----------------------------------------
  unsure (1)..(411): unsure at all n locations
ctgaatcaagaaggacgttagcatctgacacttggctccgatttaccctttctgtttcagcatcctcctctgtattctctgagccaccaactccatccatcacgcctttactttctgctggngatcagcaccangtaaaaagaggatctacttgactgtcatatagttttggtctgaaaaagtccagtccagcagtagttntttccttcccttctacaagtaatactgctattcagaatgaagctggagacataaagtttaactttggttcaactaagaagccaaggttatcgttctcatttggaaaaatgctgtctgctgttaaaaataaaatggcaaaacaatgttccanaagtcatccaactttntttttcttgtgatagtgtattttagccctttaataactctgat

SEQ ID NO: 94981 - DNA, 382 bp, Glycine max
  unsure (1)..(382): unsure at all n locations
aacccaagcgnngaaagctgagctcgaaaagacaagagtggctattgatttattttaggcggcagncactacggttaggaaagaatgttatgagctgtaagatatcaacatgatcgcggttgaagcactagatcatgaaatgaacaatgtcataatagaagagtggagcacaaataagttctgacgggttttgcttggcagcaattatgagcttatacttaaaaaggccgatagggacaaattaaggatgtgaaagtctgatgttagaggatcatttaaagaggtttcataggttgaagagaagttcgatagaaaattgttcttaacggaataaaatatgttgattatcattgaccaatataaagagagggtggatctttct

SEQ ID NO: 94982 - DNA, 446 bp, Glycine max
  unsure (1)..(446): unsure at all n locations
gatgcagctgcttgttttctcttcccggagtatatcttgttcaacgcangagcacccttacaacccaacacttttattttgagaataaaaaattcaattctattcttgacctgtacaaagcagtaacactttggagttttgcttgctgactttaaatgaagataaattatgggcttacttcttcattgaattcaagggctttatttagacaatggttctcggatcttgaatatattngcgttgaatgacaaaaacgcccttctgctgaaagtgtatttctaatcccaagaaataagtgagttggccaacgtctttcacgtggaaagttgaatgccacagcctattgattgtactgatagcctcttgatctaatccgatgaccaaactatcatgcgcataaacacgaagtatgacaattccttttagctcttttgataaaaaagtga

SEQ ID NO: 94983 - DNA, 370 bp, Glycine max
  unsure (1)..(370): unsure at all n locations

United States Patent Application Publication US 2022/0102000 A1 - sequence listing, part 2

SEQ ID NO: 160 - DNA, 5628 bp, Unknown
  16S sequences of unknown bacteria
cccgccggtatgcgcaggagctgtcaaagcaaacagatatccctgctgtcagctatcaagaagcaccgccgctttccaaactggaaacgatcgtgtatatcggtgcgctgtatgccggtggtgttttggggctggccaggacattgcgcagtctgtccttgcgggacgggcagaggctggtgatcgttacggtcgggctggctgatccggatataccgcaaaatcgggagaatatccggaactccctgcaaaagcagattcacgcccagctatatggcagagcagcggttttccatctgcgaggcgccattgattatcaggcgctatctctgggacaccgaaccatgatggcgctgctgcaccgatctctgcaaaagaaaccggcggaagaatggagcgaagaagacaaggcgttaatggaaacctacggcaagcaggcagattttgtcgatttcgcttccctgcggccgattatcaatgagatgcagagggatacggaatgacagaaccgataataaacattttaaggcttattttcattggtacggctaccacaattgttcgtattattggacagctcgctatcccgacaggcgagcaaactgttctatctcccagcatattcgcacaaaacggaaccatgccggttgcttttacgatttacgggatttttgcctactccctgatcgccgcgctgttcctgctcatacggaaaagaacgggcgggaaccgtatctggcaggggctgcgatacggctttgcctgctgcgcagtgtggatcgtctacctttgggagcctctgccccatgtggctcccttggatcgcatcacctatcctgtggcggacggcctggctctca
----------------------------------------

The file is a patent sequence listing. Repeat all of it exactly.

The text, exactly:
  unsure (1)..(411): unsure at all n locations
ctgaatcaagaaggacgttagcatctgacacttggctccgatttaccctttctgtttcagcatcctcctctgtattctctgagccaccaactccatccatcacgcctttactttctgctggngatcagcaccangtaaaaagaggatctacttgactgtcatatagttttggtctgaaaaagtccagtccagcagtagttntttccttcccttctacaagtaatactgctattcagaatgaagctggagacataaagtttaactttggttcaactaagaagccaaggttatcgttctcatttggaaaaatgctgtctgctgttaaaaataaaatggcaaaacaatgttccanaagtcatccaactttntttttcttgtgatagtgtattttagccctttaataactctgat

SEQ ID NO: 94981 - DNA, 382 bp, Glycine max
  unsure (1)..(382): unsure at all n locations
aacccaagcgnngaaagctgagctcgaaaagacaagagtggctattgatttattttaggcggcagncactacggttaggaaagaatgttatgagctgtaagatatcaacatgatcgcggttgaagcactagatcatgaaatgaacaatgtcataatagaagagtggagcacaaataagttctgacgggttttgcttggcagcaattatgagcttatacttaaaaaggccgatagggacaaattaaggatgtgaaagtctgatgttagaggatcatttaaagaggtttcataggttgaagagaagttcgatagaaaattgttcttaacggaataaaatatgttgattatcattgaccaatataaagagagggtggatctttct

SEQ ID NO: 94982 - DNA, 446 bp, Glycine max
  unsure (1)..(446): unsure at all n locations
gatgcagctgcttgttttctcttcccggagtatatcttgttcaacgcangagcacccttacaacccaacacttttattttgagaataaaaaattcaattctattcttgacctgtacaaagcagtaacactttggagttttgcttgctgactttaaatgaagataaattatgggcttacttcttcattgaattcaagggctttatttagacaatggttctcggatcttgaatatattngcgttgaatgacaaaaacgcccttctgctgaaagtgtatttctaatcccaagaaataagtgagttggccaacgtctttcacgtggaaagttgaatgccacagcctattgattgtactgatagcctcttgatctaatccgatgaccaaactatcatgcgcataaacacgaagtatgacaattccttttagctcttttgataaaaaagtga

SEQ ID NO: 94983 - DNA, 370 bp, Glycine max
  unsure (1)..(370): unsure at all n locations

United States Patent Application Publication US 2022/0102000 A1 - sequence listing, part 2

SEQ ID NO: 160 - DNA, 5628 bp, Unknown
  16S sequences of unknown bacteria
cccgccggtatgcgcaggagctgtcaaagcaaacagatatccctgctgtcagctatcaagaagcaccgccgctttccaaactggaaacgatcgtgtatatcggtgcgctgtatgccggtggtgttttggggctggccaggacattgcgcagtctgtccttgcgggacgggcagaggctggtgatcgttacggtcgggctggctgatccggatataccgcaaaatcgggagaatatccggaactccctgcaaaagcagattcacgcccagctatatggcagagcagcggttttccatctgcgaggcgccattgattatcaggcgctatctctgggacaccgaaccatgatggcgctgctgcaccgatctctgcaaaagaaaccggcggaagaatggagcgaagaagacaaggcgttaatggaaacctacggcaagcaggcagattttgtcgatttcgcttccctgcggccgattatcaatgagatgcagagggatacggaatgacagaaccgataataaacattttaaggcttattttcattggtacggctaccacaattgttcgtattattggacagctcgctatcccgacaggcgagcaaactgttctatctcccagcatattcgcacaaaacggaaccatgccggttgcttttacgatttacgggatttttgcctactccctgatcgccgcgctgttcctgctcatacggaaaagaacgggcgggaaccgtatctggcaggggctgcgatacggctttgcctgctgcgcagtgtggatcgtctacctttgggagcctctgccccatgtggctcccttggatcgcatcacctatcctgtggcggacggcctggctctca